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September 15, 2020; Rolling Stone

Even in the run-up to the November election, a not-so-new revelation about what moves people to vote emerges out of an experiment by People’s Action, a progressive 501c4 network, across a number of battleground states. They found strong results came from actually talking with people, even those who do not agree with you, finding points of human connection, even if by phone, during these times of COVID.

Reporting on a study to be released today, Andy Kroll, the Washington, DC bureau chief for Rolling Stone, reveals that the study, performed by political science professors David Brockman and Josh Kalla in partnership with People’s Action, led to a 3.1-point swing on average in favor of former Vice President Joe Biden, a 5.0-point swing for independents, and an 8.5 swing for independent women.

Those are very good numbers, he writes, put up against the minuscule effects of more common campaign persuasion tactics, such as door-to-door canvassing or phone banking, which have been shown to have almost no effect in changing voters’ opinions.

George Goehl, director of People’s Action, tells Rolling Stone:

This is evidence that engaging people in a meaningful conversation is much more effective than throwing facts, arguments, or messages at them. I think that quality of conversation—one based on curiosity and compassion—can shift elections, yes, but also holds some lessons for how we might more fully come together as a country.

This experiment applies lessons in an electoral setting learned from experiments in issue organizing with deep canvassing as applied to transgender rights, universal health care, undocumented immigration, and criminal justice reform. The group made 700 phone calls to voters in Michigan, Minnesota, New Hampshire, North Carolina, Pennsylvania, and Wisconsin, and based on the results People’s Action has a goal to make another 350,000 calls between now and November’s election, focusing most strongly on independent women voters.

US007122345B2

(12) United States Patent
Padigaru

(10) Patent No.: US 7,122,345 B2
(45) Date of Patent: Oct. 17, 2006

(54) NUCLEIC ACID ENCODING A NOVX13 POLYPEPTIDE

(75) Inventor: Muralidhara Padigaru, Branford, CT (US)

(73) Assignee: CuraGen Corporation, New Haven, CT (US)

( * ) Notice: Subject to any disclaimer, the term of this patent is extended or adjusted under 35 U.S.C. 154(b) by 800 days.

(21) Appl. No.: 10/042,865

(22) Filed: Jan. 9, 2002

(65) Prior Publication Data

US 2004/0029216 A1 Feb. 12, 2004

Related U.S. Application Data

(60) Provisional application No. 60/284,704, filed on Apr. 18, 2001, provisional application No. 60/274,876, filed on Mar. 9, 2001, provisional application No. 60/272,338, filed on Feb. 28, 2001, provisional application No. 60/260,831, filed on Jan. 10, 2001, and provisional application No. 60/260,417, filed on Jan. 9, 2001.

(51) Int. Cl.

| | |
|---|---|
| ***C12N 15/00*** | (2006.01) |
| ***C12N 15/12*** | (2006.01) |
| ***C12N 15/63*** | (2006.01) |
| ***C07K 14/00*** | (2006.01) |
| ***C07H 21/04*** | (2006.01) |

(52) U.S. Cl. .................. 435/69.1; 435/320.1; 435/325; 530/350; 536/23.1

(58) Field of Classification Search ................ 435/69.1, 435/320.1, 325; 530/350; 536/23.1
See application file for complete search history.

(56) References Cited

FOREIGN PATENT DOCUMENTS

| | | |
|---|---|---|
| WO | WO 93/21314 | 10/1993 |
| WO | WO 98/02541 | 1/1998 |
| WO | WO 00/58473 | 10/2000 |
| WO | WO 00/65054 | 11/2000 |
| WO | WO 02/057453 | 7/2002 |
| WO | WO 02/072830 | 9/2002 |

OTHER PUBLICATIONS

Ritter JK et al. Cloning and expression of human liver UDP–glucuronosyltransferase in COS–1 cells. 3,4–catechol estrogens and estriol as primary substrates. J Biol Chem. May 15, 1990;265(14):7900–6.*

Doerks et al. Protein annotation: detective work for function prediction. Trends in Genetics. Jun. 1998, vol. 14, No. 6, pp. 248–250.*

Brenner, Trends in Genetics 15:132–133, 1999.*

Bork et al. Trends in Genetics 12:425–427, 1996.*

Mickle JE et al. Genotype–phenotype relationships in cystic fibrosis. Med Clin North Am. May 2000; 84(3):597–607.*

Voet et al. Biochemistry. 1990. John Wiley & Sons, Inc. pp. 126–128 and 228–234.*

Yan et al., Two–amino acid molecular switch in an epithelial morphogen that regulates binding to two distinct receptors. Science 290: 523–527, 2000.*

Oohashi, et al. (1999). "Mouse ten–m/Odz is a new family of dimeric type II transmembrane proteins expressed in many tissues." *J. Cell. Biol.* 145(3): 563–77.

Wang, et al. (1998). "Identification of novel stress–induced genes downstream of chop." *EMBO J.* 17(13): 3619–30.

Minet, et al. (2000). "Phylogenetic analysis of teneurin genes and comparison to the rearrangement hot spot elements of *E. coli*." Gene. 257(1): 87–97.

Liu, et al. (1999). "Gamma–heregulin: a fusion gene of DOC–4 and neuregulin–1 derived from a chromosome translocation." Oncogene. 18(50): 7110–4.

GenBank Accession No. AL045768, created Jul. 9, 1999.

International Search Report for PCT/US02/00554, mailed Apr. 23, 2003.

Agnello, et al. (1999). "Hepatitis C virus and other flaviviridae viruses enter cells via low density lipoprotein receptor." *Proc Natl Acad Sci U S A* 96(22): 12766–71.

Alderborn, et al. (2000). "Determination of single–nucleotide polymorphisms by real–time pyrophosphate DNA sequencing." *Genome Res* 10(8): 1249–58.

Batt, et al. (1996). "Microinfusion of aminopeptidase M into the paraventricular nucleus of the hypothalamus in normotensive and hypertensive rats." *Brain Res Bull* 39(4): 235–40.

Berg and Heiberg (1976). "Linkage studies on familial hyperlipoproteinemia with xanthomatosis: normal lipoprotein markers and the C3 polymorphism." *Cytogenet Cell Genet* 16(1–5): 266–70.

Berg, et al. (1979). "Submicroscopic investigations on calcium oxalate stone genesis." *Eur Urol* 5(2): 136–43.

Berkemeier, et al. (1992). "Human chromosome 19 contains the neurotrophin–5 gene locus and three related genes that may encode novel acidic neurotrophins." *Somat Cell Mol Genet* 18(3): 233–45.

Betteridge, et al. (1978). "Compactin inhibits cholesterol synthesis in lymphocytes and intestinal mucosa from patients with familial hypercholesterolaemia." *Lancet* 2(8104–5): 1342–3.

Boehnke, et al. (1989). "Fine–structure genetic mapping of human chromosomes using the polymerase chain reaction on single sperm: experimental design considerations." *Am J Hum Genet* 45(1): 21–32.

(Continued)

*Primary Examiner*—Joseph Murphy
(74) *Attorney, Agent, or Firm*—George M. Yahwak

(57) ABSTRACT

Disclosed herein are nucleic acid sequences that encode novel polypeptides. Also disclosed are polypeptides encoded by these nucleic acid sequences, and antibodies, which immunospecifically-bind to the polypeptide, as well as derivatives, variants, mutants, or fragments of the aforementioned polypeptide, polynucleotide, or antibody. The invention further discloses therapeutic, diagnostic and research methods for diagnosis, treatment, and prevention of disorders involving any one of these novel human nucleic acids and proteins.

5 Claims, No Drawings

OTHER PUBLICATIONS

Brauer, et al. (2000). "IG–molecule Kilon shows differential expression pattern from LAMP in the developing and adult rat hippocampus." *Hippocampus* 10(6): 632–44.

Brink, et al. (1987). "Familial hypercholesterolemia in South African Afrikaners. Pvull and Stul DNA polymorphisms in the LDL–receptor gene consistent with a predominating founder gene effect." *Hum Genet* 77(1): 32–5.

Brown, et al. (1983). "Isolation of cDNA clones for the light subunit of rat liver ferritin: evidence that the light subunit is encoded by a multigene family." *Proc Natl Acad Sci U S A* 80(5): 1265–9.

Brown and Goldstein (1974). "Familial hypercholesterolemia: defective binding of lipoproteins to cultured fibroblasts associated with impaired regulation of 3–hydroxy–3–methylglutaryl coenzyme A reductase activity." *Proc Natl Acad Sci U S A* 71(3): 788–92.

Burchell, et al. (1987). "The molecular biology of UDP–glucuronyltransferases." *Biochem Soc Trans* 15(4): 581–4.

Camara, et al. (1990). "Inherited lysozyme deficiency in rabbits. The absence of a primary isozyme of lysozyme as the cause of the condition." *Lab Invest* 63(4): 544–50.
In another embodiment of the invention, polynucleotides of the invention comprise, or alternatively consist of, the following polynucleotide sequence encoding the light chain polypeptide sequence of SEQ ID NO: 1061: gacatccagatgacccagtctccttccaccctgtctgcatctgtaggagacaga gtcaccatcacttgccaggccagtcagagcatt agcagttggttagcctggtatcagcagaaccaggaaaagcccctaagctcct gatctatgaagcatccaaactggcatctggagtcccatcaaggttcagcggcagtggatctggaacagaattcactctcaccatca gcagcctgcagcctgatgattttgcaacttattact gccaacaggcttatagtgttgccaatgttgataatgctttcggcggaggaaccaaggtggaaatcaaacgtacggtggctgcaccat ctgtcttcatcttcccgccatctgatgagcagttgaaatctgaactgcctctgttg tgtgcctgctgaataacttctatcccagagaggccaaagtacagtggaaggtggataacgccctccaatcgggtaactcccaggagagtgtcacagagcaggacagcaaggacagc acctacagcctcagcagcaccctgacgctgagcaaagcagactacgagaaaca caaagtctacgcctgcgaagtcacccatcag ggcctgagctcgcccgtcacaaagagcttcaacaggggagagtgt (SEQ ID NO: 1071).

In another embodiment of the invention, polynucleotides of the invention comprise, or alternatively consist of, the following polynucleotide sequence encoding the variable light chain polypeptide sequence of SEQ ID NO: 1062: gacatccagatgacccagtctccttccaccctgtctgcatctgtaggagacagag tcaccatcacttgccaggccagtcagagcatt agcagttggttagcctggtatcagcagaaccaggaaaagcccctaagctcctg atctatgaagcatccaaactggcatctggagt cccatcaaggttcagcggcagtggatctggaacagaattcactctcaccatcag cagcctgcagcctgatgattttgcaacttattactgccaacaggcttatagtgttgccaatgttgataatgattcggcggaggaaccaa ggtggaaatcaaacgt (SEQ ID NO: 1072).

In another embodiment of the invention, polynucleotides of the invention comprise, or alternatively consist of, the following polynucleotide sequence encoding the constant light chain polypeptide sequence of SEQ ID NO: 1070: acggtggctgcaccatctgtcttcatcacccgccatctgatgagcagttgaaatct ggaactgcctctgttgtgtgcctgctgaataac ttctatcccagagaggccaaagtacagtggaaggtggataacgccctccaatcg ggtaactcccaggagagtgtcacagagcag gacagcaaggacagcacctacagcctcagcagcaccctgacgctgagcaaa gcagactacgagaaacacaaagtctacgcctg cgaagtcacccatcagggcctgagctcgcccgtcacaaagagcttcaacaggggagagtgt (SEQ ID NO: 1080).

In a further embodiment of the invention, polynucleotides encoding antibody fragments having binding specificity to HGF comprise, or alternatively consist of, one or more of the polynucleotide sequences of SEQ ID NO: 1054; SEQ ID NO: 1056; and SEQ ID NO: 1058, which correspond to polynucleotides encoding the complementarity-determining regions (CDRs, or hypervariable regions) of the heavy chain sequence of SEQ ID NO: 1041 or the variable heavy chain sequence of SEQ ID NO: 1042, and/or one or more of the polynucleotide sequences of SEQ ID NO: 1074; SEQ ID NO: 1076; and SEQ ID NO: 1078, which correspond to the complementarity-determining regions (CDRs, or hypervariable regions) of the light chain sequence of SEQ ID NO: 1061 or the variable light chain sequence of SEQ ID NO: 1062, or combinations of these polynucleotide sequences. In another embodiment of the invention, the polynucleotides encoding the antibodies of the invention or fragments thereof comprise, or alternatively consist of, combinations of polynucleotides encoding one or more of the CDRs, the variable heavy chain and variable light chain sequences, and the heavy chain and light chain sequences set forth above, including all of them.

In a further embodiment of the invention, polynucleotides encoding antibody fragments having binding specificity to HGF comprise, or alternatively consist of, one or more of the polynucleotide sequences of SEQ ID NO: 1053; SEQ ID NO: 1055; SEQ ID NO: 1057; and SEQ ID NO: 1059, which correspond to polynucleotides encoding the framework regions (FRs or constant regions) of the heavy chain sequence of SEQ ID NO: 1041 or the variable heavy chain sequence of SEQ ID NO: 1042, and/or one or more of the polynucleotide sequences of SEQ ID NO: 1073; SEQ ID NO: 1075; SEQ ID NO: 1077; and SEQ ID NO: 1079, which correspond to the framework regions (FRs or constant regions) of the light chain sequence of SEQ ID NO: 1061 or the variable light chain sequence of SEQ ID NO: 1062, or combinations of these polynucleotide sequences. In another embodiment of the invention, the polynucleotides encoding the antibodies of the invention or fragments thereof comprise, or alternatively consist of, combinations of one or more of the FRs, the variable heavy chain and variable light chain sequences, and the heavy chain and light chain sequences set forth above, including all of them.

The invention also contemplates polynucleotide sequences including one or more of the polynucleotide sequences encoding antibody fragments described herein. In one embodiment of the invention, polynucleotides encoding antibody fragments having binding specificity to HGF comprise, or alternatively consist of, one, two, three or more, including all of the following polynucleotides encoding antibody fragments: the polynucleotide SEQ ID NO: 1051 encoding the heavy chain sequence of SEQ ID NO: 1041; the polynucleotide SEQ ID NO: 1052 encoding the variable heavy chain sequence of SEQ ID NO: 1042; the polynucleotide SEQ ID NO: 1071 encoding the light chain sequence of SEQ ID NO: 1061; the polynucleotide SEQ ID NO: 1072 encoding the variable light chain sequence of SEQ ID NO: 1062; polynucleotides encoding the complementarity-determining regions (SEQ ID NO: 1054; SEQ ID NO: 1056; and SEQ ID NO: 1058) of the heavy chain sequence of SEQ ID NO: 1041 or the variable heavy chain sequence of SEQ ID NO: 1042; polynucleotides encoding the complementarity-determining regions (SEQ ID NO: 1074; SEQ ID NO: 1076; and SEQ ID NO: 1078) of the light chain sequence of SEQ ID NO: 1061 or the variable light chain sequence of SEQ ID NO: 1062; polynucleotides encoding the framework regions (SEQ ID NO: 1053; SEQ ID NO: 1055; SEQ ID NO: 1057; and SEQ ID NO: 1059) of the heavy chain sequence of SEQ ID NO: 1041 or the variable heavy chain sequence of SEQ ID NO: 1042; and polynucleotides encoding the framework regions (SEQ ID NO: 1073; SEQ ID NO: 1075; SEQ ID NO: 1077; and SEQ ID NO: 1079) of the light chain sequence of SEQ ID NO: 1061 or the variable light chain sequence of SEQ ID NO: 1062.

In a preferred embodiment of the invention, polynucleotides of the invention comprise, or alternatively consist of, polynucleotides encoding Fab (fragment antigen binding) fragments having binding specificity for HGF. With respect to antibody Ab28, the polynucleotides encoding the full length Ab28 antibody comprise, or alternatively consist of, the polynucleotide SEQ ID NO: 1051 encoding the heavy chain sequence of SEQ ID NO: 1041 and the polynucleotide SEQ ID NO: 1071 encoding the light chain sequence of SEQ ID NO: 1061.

“For too long, our politics have been run by fancy consultants on the coasts narrowing our politics down to the most persuasive sound bite they could possibly capture in the moment,” says Elianne Farhat, executive director of TakeAction Minnesota, one of People’s Action’s partners in this summer’s experiment. “That type of politics is a real disservice to our people and to the democracy we want to live in. Putting this type of tactic back at the center, deep conversation that shares stories and connects people across their differences, is the thing that we need in our country at this moment.”—Ruth McCambridge